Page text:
11. dspellman

    dspellman Senior Member

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    A Gibson Studio isn't a bad guitar; it's just that there are better new guitars in the $800-$1500 range that don't have Gibson on the headstock, there are much better used guitars in that range that don't have Gibson on the headstock and there are even better Gibsons (used) in that price range.

    In short, I'd almost never consider a new Gibson Studio.
     
  12. jpage

    jpage Silver Supporting Member

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    'Better' is subjective. The Gibson Les Paul is arguably the most iconic sound in rock and blues--like it or not (most here do not LOL). The Gibson Les Paul Studio is the most cost effective way to get you there. To compare a Epiphone or even a Hamer to a Gibson Les Paul is like comparing a Tele to a Strat--just ain't the same thing, bro (again, like it or not).
     
  13. geoangus

    geoangus Member

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    Actually, I'm thinking used. This would be a guitar to complement my S. Like I said, I'm shopping on a budget. Besides an Epi, Hamer was the only other guitar I considered. If I could find a Hamer to try out, I would, but I guess I am kind of stuck on the Gibby pedigree. But I'm easily persuaded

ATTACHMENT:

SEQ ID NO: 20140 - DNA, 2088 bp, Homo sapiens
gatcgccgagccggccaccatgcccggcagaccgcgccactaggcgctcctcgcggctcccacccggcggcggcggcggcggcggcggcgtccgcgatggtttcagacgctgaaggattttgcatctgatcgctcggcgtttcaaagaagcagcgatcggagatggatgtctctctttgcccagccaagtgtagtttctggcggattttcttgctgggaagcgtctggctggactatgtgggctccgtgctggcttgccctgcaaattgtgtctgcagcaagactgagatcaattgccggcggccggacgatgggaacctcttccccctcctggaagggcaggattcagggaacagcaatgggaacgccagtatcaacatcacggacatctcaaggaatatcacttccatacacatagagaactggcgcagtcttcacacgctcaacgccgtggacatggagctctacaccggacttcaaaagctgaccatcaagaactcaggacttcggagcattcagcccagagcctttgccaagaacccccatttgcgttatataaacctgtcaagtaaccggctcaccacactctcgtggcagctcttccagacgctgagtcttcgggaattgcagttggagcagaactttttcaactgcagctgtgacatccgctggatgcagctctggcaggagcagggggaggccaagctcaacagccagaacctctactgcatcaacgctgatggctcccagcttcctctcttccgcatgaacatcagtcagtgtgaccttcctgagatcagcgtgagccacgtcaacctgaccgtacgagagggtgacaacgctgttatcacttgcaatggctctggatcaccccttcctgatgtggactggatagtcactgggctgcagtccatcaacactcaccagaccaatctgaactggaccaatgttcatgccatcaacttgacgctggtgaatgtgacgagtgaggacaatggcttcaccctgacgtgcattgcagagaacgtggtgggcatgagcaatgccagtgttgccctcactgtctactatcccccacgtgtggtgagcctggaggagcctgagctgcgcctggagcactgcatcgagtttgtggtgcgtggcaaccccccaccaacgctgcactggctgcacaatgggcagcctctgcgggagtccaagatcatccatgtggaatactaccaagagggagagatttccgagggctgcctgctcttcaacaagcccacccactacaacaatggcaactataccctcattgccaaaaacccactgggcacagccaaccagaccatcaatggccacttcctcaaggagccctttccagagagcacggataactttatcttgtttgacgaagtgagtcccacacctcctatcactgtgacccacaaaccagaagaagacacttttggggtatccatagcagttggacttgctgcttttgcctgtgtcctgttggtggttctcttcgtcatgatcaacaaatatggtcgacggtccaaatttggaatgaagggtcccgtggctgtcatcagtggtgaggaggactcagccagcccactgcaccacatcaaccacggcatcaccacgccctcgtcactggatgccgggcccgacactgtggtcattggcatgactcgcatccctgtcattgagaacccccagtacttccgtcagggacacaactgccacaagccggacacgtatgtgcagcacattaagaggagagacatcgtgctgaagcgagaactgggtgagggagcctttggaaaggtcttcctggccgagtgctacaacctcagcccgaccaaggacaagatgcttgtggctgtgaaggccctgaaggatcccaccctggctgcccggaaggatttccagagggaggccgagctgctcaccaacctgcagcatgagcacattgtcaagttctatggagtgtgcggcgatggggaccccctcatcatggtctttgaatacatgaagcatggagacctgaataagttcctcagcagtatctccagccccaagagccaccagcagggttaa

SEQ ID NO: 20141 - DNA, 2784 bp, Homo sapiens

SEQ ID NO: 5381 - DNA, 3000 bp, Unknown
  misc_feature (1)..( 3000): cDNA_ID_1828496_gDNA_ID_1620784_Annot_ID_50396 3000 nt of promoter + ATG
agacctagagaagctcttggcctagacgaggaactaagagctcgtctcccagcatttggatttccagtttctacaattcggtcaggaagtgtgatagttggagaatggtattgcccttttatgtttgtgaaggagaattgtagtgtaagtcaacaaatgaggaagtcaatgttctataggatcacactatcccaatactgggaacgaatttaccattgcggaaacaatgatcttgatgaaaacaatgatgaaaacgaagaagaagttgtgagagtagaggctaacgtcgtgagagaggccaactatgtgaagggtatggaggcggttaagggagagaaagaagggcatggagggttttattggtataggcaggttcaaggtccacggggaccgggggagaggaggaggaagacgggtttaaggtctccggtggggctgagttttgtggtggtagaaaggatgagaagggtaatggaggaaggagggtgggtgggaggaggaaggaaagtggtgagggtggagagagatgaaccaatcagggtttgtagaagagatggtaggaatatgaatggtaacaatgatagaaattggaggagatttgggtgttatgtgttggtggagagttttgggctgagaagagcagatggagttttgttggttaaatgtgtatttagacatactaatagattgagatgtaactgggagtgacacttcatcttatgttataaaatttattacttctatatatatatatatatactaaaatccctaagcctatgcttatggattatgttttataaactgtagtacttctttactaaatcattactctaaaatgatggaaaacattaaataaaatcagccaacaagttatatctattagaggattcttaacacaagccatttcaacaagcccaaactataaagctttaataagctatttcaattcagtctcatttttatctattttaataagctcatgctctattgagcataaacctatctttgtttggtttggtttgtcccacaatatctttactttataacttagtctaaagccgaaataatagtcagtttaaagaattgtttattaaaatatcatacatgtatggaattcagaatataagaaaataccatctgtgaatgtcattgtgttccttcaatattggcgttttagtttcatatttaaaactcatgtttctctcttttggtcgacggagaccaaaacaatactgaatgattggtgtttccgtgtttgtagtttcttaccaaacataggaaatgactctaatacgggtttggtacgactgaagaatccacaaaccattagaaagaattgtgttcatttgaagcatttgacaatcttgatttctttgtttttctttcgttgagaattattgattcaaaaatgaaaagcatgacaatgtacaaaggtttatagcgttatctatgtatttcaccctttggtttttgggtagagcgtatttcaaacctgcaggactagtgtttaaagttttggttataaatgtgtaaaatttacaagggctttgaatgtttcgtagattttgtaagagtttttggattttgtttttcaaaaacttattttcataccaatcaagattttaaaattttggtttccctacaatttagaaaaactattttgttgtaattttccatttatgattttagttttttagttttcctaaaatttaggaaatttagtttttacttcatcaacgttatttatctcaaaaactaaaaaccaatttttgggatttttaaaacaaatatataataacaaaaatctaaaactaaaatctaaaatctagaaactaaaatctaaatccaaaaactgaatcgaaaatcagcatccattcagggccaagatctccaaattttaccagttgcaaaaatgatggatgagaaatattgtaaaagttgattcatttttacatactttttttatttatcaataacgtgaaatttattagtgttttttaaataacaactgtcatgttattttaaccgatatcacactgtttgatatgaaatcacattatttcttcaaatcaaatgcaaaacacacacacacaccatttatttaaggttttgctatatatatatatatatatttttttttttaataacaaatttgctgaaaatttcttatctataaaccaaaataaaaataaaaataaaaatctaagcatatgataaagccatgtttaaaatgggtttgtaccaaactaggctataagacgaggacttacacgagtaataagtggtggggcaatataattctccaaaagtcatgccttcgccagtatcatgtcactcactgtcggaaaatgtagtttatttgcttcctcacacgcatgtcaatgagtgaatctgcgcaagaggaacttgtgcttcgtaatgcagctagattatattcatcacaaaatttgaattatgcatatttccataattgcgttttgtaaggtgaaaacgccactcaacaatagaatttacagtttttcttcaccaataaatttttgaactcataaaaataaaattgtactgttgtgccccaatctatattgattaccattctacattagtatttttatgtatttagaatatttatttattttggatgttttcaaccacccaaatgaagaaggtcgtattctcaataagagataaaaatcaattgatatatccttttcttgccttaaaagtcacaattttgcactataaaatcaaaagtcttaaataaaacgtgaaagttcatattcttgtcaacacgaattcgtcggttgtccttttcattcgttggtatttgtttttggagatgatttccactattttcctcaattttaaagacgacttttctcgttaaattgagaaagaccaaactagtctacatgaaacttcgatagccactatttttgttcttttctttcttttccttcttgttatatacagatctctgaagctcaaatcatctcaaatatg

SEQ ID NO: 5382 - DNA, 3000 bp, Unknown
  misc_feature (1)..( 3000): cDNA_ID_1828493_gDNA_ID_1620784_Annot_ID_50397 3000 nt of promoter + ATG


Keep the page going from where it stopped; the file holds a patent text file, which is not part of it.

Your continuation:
14. Rock Johnson

    Rock Johnson Member

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    But comparing a LP Studio to a used LP Standard Faded, a used Standard, or a new Edwards, is *exactly* the same thing.

    Personally, I'd go with a used Standard Faded. Great guitars, well within the OPs price range. You get all the Les Paul goodness, it looks "right," and it says "Gibson" on the headstock.
     
  15. pattste

    pattste Member

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    I would go with the used Gibson LP Studio. If it doesn't work out (I'd be very surprised), then you can always resell it for pretty much the same price you paid.
     
  16. metrognome

    metrognome Member

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    Put you some better pickups in it and yer all set.
     
  17. pd1030

    pd1030 Silver Supporting Member

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    My girl bought me a brand new studio in alpine white for Christmas and I absolutely love it. I was skeptical at first because of the chambering, but it's great for noodling around unplugged which I do quite often. Very resonant and I actually love the pickups. Definitely doing the RS kit as well as changing out the speed knobs for some top hats and maybe vintage style locking tuners.
     
  18. TD_Madden

    TD_Madden Gold Supporting Member

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    I always come back to my '85 (used to be Alpine white, now sort of yellowed white) Studio.

    It does have new pots/wiring and SD '59s.
     
  19. 09STREETGLIDE

    09STREETGLIDE Member

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    I had the 2008 studio mahogony and it had the burstbucker II's in it and that thing rocked, I just sold it to buy the Les Paul Traditional Pro, But i wouldnt hesitate to buy another one, They are comming out with some nice colors on them now.
     
  20. TK LP

    TK LP Member

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    I think a used Studio is the best bang for your buck in a double humbucker guitar period. If you can't rock a Studio, you can't rock.

    [​IMG]